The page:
Update on SOC: standard occupational classification (and Graduate Outcomes Survey)

Early Childhood Studies Degrees Network Success in the revised Standard Occupational Classifications 2020: Changing the parameters for the 'Graduate Outcomes Survey‘ and strengthening the position of Early Childhood Studies Graduates.

Consistent and persistent lobbying by the ECSDN, firstly led by Ian Barron and with the final collective work by Carolyn Silberfeld, Ian Barron, Tanya Richardson, Sigrid Brogaard Clausen, Martin Needham, Philippa Thompson and Alex Sabine, has led to Early Education and Childcare practitioners being classified as Associate Professionals (Major Group 3 - Professional) instead of ‘Teaching and Childcare Support Occupations’ (Major Group 6 – Non-professional). To have moved up 3 major groups is truly historic. Being Associate Professionals recognises the contribution of Early Childhood Studies graduates with relevant early childhood practice to the workforce. This not only enhances the degree programmes but also enhances graduates’ chances of having appropriate graduate/professional employment in the early childhood field.

The changes also mean that we have strengthened the position of the Early Childhood Graduate Practitioner Competencies as well as all Early Childhood Studies graduates (and their equivalent), who have assessed practice or hold early childhood practice qualifications. In times where the universities face challenges and cutbacks, it is important for you to highlight this change to your university leadership team and employment groups to gain (full) support for your work with placement providers and students in the coming years. If you are unsure of how to approach this, you are very welcome to contact us for further information and support: Sigrid Brogaard Clausen (ECSDN Executive lead on Professionalism, s.brogaard-clausen@roehampton.ac.uk) and Tanya Richardson(ECSDN Executive lead on Workforce, t.richardson@northampton.ac.uk)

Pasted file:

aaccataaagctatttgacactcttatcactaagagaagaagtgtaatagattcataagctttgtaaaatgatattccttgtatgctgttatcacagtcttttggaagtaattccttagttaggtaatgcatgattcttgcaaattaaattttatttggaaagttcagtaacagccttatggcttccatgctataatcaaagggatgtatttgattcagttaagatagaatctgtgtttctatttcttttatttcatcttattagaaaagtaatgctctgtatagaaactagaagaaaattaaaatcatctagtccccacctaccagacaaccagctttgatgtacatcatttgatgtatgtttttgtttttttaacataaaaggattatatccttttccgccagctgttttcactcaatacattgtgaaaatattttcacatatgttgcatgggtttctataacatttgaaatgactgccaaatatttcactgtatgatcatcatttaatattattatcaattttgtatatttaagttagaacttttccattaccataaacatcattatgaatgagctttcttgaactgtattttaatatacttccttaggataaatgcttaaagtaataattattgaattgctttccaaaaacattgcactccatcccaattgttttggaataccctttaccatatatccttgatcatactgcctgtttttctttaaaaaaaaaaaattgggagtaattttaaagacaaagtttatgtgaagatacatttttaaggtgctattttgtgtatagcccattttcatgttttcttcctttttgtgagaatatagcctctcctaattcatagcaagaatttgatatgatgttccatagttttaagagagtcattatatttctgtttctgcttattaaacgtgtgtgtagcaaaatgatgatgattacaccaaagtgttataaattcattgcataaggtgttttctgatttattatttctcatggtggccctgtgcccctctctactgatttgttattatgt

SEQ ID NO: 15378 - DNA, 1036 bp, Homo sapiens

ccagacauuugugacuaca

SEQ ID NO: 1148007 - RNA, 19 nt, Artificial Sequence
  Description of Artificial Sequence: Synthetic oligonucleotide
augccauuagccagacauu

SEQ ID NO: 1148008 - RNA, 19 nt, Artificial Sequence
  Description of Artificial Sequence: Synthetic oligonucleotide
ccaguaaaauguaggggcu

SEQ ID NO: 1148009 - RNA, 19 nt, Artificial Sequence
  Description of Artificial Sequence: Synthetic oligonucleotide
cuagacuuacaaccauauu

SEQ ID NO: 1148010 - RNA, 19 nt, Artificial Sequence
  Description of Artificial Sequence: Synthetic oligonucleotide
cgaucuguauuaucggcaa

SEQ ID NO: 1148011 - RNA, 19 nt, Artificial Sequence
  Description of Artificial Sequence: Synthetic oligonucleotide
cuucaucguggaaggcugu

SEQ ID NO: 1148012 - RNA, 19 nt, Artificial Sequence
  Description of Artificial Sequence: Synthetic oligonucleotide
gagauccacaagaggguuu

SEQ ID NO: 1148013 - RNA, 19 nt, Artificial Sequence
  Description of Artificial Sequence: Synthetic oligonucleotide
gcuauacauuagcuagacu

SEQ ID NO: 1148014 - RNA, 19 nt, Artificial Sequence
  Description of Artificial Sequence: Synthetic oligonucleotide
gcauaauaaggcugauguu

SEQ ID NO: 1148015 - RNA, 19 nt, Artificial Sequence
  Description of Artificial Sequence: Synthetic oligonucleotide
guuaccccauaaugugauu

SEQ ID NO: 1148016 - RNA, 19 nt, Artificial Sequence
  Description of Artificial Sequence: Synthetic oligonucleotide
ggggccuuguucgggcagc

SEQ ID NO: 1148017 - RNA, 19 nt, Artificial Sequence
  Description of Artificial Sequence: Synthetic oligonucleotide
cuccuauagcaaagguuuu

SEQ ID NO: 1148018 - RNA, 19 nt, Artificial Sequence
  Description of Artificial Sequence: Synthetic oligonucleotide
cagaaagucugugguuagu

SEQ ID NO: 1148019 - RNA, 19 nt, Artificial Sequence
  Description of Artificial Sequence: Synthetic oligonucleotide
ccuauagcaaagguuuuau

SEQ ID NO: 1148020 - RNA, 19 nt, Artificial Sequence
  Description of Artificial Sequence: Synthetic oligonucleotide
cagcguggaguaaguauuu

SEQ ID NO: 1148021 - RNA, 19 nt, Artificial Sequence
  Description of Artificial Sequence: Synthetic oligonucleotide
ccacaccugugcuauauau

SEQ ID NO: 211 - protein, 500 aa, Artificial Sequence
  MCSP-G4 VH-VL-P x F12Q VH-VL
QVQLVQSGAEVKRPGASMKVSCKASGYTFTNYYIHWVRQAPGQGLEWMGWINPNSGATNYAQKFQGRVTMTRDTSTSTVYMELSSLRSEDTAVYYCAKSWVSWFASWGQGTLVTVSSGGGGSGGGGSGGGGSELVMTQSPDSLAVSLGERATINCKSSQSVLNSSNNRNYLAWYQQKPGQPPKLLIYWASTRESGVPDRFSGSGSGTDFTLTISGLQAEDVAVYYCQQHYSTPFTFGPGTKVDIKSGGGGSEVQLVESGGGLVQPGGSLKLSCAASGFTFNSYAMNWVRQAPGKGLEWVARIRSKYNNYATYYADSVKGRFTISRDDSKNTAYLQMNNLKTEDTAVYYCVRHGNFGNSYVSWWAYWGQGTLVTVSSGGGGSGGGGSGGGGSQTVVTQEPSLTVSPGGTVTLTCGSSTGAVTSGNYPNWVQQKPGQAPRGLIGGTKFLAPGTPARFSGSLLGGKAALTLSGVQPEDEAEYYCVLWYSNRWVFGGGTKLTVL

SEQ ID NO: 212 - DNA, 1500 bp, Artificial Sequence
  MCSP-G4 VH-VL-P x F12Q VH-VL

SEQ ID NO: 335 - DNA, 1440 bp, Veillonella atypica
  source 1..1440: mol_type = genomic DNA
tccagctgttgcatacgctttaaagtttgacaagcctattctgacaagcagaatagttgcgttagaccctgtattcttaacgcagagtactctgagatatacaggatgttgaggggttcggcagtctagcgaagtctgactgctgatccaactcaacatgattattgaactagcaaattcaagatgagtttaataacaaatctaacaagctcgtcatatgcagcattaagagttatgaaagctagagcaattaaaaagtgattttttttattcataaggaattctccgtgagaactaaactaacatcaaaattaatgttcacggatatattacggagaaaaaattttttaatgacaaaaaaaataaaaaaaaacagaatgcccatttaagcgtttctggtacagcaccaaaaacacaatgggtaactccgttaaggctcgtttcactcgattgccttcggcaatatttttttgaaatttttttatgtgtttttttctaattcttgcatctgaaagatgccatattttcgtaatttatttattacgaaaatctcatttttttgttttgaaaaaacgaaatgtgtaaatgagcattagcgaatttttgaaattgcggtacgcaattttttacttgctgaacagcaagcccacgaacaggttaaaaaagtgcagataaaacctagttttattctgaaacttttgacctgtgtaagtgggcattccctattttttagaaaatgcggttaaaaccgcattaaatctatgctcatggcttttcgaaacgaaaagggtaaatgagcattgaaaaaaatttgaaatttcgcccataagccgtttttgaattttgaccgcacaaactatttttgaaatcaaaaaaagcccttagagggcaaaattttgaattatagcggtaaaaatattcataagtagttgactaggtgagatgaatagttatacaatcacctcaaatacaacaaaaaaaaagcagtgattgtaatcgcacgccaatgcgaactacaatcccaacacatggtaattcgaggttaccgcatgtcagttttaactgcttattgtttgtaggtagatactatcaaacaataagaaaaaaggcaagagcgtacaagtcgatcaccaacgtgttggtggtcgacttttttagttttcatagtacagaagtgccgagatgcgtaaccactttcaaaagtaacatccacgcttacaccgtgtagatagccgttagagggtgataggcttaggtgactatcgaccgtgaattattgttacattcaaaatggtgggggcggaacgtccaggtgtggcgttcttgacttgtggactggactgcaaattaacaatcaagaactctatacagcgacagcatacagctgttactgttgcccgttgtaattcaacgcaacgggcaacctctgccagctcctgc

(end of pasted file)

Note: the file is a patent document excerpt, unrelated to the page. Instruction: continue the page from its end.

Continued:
The changes also mean that we have strengthened the position of the Early Childhood Graduate Practitioner Competencies as well as all Early Childhood Studies graduates (and their equivalent), who have assessed practice or hold early childhood practice qualifications. In times where the universities face challenges and cutbacks, it is important for you to highlight this change to your university leadership team and employment groups to gain (full) support for your work with placement providers and students in the coming years. If you are unsure of how to approach this, you are very welcome to contact us for further information and support: Sigrid Brogaard Clausen (ECSDN Executive lead on Professionalism, s.brogaard-clausen@roehampton.ac.uk) and Tanya Richardson(ECSDN Executive lead on Workforce, t.richardson@northampton.ac.uk)

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